Ignoring for a second the ability of modern capitalists to find cheaper workers in other countries and the neo-imperialist system of having local leaders make desired countries safe for expansion, this position brings up a lot of issues. What are the emotional and political issues of going childless as an act of class solidarity? How much of the ideology behind the moronic child-free movement comes from a misinterpretation of these type of ideas? How much does this fit in with the eugenics movement of the time that sought to limit unfit children, including children of the working class? How much did this work against the racist elements of the eugenics movement which demanded more white babies? How different is this idea of empty-womb solidarity from the usual interpretation of anarchism as "do whatever you want" and where does that perception come from?
But no, the documentary treads mostly on safe ground. Not a single person was interviewed for the documentary as an activist, labor organizer, or politico. Only academics, artists, and writers were allowed to comment on Goldmans history and legacy. Certainly some are sympathetic. I will say that the documentary made me love Tony Kushner more than I already do. I also thought it was great that they got Barry Pateman,with a real anarchist beard, (almost a full Kropotkin!)to be Goldmans main defender and he was very eloquent. Martin Duberman was also looking good and had a nice coat.
I know Im being overly critical with this essay. This documentary wasn't made for anarchists, politicos, or anyone with a working knowledge of radical history. And lord knows, if they had a modern-day anarchist it would have been someone like John Zerzan talking about how Goldman had no criticism of industry and civilization and was no better than Stalin.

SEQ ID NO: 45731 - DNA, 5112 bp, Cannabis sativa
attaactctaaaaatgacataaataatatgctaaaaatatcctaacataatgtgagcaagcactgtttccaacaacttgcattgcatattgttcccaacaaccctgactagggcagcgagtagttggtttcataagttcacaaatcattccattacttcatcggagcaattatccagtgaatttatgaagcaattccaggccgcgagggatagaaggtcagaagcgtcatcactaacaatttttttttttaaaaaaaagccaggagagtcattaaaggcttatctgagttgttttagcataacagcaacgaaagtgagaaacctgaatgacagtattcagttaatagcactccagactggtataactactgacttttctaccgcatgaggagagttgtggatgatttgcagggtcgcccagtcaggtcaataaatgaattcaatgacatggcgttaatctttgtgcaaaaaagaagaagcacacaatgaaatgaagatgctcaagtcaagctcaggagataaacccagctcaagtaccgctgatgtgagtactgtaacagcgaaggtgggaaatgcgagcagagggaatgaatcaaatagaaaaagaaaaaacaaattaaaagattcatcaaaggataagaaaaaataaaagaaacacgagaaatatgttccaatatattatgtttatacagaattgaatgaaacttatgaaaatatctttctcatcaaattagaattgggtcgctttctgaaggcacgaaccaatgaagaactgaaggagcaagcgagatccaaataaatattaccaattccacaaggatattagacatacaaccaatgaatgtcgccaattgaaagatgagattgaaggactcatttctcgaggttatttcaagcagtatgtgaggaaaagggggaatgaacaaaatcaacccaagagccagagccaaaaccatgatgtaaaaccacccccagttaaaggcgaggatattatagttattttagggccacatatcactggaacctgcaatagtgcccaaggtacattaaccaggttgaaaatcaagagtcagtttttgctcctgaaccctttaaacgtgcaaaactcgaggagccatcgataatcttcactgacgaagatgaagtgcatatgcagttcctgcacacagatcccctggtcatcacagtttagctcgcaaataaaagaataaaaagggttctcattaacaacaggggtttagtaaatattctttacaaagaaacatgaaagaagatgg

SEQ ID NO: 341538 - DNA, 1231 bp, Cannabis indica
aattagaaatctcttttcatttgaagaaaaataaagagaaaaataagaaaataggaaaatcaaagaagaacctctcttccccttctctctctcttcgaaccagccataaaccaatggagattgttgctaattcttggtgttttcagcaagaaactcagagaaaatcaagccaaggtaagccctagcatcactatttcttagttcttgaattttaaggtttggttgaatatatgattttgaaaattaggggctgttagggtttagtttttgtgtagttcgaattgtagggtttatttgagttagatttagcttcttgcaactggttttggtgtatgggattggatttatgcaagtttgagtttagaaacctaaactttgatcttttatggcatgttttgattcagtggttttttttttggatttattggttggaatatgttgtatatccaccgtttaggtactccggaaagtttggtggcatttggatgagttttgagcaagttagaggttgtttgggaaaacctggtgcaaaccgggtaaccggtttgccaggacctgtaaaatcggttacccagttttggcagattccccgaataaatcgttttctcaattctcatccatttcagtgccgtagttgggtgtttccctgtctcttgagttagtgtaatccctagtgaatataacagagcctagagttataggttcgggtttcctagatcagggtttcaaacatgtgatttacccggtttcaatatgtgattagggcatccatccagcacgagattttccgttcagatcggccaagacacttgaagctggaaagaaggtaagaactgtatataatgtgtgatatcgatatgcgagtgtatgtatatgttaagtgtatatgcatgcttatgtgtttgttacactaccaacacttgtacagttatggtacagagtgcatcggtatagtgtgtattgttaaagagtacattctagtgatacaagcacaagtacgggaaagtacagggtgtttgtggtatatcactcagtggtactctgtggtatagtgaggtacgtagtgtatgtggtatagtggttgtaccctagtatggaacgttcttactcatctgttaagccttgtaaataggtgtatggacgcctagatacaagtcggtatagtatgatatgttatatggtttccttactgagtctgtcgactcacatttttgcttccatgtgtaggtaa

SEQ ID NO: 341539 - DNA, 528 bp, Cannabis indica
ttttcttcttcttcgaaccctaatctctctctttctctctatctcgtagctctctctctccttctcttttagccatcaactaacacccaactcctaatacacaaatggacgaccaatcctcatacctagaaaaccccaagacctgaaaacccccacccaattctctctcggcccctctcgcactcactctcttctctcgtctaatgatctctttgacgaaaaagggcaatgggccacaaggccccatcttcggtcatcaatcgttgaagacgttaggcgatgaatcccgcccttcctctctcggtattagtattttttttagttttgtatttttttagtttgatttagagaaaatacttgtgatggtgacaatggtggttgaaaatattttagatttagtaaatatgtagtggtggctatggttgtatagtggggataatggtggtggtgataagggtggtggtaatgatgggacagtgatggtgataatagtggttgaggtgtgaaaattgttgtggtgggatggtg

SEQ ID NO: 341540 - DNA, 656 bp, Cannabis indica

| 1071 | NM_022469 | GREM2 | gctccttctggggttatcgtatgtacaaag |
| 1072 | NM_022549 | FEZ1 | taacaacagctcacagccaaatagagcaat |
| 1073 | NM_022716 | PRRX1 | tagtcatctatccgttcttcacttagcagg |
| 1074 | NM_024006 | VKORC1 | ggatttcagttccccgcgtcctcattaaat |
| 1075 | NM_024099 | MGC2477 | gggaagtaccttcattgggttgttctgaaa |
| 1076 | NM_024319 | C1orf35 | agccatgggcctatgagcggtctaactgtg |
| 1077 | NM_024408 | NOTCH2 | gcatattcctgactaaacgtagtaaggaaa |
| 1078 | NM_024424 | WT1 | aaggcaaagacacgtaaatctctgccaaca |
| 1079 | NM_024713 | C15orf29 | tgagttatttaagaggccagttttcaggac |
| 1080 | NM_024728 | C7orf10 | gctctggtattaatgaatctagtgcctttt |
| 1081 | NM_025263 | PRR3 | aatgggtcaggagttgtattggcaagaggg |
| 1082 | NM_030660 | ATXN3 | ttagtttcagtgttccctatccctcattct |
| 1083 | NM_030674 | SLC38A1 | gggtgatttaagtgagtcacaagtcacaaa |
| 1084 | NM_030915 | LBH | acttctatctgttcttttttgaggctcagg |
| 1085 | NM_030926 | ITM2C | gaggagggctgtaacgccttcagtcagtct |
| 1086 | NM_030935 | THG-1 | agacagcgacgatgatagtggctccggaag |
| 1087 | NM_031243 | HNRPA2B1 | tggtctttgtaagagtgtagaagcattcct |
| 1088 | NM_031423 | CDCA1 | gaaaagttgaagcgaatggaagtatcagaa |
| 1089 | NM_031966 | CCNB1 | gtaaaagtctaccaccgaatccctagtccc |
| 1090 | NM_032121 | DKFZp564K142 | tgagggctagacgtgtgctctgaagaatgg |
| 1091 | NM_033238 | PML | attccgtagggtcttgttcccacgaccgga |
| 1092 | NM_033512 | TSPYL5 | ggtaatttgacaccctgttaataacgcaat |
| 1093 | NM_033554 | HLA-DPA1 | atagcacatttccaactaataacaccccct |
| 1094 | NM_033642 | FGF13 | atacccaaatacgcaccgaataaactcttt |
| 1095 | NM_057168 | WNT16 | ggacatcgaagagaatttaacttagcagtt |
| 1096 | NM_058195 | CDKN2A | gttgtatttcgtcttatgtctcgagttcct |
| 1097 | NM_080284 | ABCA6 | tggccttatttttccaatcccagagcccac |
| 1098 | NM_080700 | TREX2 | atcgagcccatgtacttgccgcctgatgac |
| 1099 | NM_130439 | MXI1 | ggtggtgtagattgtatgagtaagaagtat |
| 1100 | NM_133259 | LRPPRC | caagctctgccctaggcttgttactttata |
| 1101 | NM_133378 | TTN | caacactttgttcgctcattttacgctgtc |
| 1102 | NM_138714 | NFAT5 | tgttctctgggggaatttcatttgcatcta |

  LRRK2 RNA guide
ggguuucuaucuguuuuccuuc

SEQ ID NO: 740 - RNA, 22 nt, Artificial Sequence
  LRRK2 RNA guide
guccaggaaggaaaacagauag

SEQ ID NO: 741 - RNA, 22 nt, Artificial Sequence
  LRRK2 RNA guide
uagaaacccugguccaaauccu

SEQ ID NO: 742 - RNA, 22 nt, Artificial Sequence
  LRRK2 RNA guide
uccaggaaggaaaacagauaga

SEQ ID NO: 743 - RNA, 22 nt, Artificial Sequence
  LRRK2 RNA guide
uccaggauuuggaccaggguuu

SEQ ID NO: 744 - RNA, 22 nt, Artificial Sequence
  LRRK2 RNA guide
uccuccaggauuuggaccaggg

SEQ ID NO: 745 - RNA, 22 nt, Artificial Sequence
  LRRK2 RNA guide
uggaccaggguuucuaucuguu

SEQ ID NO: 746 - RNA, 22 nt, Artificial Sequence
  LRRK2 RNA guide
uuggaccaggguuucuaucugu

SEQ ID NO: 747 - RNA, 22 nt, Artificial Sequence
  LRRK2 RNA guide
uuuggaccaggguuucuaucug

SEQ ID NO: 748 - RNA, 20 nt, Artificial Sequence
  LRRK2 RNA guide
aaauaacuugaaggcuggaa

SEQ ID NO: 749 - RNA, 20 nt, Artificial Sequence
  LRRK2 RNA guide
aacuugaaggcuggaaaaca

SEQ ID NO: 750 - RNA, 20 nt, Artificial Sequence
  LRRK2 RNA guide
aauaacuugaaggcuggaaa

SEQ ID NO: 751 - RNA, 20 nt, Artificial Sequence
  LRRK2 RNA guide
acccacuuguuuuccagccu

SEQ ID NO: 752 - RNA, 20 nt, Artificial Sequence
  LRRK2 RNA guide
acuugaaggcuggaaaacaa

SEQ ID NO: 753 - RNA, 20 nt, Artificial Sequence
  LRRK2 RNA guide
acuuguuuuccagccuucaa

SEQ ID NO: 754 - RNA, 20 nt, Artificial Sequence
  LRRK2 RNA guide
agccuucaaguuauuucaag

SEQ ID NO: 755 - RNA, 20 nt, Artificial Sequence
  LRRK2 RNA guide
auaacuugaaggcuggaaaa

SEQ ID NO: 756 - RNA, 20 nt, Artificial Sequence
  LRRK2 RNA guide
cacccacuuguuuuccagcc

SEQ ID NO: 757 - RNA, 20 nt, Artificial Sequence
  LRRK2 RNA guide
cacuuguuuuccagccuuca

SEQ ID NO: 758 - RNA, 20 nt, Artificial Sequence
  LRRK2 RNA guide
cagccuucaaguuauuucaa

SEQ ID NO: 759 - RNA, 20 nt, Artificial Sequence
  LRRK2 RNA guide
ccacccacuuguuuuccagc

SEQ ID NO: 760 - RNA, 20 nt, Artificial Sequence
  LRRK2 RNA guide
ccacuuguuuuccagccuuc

But these things always become a question of legacy at some point. At the Labor Relations school where I went to college, there was a picture of Emma Goldman among many union organizers and businessmen. Her plaque, amidst the myriad titles oil tycoon, banker and philanthropist, union organizer etc. bore the simple social reformer. It probably was well intentioned. But it would make her turn in her grave if she knew.
* Actually one of my favorite songs is about this kind of historical revisionism: Ulrike by Chumbawamba. Inspired by an article about Ulrike Meinhoff which said that if she had only been a reformer instead of revolutionary she could have worked hard and been a Green MP by now. Chumbawamba has her post-mortem, no-apologies response: Don't think I walked into banks to stand in the Queue./ Don't think I pressed up to the plexi-glass just to talk to you. / Don't wait for me to say I'm sorry. I won't / Who wants to be a Green MP? I don't.
Gordon Edgar is one of only a few anarchist-influenced cheesemongers in the United States. He lives in San Francisco.